Homebuilding stocks are sinking for the first time this week following a bearish call on Wall Street.
The sector probably won’t see a step up in growth during the second half of this year, and softer demand may pressure gross margins, Zelman & Associates wrote in a note to clients. Third-quarter order estimates are at risk after a disappointing homebuilding survey in August, the report said.
“While we had been cautiously optimistic that order growth deceleration following January’s spike in rates would be less severe than prior periods given a robust economic environment, an expected ramp in community count and a renewed focus on the entry-level segment, it seems unlikely that growth will accelerate in 2H18,” the analyst wrote, trimming third-quarter order estimates and fair-value targets.
The S&P Supercomposite Homebuilding Index slumped 2.5 percent, the most in about a week, at 10:17 a.m. in New York. All 15 members were in the red, with PulteGroup Inc. and Installed Building Products Inc. leading the declines.
The largest exchange-traded funds tracking homebuilders also took a hit. The $1 billion iShares U.S. Home Construction ETF, known by its ticker ITB, fell more than 2 percent, while the $873 million SPDR S&P Homebuilder ETF, or XHB, declined as much as 1.5 percent. Investors heated up trading for the funds as XHB’s volume spiked to close to four times the 20-day average as of 10:20 a.m. in New York. ITB’s volume rose to 2.5 times the 20-day average for that time of day.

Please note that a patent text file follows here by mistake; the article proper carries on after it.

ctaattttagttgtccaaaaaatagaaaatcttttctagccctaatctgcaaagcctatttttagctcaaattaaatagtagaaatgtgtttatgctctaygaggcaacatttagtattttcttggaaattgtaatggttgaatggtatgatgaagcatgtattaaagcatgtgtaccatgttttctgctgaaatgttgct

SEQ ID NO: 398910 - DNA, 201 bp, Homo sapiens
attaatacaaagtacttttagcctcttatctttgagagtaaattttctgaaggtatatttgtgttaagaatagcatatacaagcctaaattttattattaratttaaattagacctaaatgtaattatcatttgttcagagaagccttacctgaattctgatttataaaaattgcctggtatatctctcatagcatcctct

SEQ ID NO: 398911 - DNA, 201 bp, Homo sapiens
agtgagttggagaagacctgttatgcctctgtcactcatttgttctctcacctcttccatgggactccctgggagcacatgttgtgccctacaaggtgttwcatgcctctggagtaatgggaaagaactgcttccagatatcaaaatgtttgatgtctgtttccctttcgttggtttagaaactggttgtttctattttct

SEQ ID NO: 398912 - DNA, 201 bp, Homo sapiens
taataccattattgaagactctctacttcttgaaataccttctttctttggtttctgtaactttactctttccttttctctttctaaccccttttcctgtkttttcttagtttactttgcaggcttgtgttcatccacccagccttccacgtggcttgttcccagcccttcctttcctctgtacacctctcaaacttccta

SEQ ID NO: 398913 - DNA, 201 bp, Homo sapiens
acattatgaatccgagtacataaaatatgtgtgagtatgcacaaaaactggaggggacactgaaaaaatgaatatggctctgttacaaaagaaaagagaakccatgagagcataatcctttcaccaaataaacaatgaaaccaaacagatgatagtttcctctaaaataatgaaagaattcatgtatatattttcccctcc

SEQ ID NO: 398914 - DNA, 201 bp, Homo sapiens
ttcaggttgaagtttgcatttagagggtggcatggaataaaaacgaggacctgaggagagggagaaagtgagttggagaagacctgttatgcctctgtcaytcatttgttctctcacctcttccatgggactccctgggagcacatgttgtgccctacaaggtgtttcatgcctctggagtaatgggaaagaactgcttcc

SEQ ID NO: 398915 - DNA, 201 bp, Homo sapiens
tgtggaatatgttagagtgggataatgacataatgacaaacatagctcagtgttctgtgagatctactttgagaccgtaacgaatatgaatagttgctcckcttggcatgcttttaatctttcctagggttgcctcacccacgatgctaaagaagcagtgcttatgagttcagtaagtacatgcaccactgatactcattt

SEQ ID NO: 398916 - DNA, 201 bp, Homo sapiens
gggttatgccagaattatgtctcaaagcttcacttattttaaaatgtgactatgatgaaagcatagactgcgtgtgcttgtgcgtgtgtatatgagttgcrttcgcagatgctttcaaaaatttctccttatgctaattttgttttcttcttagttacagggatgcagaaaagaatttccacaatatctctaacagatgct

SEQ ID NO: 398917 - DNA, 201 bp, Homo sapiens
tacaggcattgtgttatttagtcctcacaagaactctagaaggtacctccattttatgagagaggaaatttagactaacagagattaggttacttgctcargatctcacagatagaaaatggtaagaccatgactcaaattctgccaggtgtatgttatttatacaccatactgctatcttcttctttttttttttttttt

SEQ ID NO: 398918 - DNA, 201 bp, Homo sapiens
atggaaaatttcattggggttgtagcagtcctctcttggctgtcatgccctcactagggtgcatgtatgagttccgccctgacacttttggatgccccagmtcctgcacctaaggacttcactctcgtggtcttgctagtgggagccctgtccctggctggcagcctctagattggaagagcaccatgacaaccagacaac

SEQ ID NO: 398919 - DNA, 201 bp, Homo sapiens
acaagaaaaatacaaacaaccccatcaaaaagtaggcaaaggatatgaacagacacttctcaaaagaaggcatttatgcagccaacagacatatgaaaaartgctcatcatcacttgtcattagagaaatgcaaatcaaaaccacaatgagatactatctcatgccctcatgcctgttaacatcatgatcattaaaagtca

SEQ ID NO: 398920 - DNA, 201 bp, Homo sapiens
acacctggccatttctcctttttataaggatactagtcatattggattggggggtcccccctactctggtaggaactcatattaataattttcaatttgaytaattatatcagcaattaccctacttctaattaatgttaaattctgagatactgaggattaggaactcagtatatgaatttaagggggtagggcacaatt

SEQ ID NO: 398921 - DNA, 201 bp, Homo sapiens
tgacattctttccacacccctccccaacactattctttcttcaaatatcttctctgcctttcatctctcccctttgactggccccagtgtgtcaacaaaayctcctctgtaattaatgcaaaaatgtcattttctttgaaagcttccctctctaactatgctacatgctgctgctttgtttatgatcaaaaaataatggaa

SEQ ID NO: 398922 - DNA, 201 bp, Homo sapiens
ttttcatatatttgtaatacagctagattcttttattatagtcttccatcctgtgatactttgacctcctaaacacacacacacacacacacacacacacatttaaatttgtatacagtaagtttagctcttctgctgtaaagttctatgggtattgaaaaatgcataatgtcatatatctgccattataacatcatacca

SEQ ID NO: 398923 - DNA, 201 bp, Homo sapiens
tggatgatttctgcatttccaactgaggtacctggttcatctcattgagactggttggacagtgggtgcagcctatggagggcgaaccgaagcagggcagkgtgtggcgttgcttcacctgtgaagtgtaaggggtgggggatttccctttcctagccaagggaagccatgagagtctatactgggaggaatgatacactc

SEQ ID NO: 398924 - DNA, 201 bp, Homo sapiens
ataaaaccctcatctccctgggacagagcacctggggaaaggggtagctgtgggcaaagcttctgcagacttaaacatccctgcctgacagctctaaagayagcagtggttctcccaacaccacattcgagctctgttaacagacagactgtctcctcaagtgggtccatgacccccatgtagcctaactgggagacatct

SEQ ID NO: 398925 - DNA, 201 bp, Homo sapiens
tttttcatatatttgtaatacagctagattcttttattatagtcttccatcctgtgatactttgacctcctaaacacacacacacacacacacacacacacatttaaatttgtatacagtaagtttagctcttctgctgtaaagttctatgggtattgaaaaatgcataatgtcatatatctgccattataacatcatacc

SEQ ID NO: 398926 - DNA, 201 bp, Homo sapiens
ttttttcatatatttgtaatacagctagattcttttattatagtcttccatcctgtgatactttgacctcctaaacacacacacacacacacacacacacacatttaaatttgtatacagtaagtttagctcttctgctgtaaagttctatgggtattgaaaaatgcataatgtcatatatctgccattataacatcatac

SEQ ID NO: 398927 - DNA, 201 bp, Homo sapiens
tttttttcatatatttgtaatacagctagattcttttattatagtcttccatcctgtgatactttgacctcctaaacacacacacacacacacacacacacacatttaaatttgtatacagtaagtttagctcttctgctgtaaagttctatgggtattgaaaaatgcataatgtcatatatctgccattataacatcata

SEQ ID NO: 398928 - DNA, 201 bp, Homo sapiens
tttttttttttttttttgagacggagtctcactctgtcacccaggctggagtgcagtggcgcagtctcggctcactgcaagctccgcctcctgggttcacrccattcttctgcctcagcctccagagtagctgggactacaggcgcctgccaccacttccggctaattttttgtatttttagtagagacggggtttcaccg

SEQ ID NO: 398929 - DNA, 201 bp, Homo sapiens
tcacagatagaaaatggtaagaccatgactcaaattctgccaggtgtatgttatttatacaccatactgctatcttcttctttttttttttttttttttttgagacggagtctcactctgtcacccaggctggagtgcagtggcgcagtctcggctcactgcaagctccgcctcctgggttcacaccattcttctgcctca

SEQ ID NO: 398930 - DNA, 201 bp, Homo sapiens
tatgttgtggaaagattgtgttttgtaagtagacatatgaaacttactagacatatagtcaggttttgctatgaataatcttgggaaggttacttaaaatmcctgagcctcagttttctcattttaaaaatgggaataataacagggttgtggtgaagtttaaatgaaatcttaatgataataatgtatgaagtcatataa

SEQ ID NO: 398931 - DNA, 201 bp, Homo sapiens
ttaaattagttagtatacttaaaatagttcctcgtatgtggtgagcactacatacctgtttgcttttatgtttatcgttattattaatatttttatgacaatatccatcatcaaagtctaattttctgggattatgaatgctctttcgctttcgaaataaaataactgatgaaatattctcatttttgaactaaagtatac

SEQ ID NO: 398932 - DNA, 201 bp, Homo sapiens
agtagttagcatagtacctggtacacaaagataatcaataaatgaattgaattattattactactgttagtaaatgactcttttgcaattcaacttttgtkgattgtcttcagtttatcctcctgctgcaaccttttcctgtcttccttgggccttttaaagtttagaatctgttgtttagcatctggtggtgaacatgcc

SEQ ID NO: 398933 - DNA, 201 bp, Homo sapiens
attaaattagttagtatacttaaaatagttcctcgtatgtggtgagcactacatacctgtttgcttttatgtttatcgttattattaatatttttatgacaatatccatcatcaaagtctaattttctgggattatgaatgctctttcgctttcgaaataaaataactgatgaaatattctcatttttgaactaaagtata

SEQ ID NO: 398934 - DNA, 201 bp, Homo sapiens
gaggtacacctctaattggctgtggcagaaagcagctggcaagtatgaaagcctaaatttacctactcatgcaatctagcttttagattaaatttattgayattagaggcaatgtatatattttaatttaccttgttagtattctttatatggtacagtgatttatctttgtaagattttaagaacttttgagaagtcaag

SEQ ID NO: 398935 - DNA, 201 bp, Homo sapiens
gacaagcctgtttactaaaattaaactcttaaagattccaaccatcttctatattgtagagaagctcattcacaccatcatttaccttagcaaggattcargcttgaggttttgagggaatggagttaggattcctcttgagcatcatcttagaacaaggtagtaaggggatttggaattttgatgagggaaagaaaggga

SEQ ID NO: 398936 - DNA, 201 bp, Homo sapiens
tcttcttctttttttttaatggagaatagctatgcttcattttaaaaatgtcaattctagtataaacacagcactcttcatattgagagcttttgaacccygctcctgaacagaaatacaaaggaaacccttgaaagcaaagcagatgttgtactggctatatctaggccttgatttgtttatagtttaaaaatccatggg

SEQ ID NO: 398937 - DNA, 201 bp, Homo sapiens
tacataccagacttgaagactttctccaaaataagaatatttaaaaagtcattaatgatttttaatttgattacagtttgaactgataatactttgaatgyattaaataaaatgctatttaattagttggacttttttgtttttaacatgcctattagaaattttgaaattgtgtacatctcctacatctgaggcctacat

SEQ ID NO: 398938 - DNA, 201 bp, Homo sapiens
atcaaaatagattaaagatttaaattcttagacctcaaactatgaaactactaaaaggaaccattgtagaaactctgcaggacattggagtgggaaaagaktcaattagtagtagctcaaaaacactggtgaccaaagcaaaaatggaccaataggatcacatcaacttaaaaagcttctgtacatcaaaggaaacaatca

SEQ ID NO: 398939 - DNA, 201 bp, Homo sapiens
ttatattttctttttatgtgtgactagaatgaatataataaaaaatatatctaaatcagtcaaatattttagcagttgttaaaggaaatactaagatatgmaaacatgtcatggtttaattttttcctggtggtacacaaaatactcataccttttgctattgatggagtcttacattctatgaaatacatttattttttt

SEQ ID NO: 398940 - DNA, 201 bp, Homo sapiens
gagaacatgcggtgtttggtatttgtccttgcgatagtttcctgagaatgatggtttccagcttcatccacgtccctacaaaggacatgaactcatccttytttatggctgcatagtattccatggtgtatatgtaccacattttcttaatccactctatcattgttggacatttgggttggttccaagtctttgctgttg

The sector’s slide comes as Hurricane Florence lumbers toward the East Coast, threatening to put hundreds of houses at risk. Severe weather is often a boon for homebuilders, who can benefit from an increase in rebuilding orders, though Florence was recently lowered to a category 2 storm. Wedbush analyst Jay McCanless flagged several reasons the hurricane could hurt homebuilders.
“The lack of customers due to evacuation orders and the stormy weather may weigh on order growth in the September quarter,” he said in a report. “Community development may be delayed as the soil dries out.”
It’s not all bad news for the homebuilders, though. The stage may be set for a rebound next year, according to Zelman.
“We remain constructive on a longer-term basis,” the firm said in its report. “While the stocks may remain range-bound, or even come under additional pressure until this inflection point becomes apparent, 2019 may be poised for a rebound in both order growth and stock prices if history provides an appropriate roadmap.”
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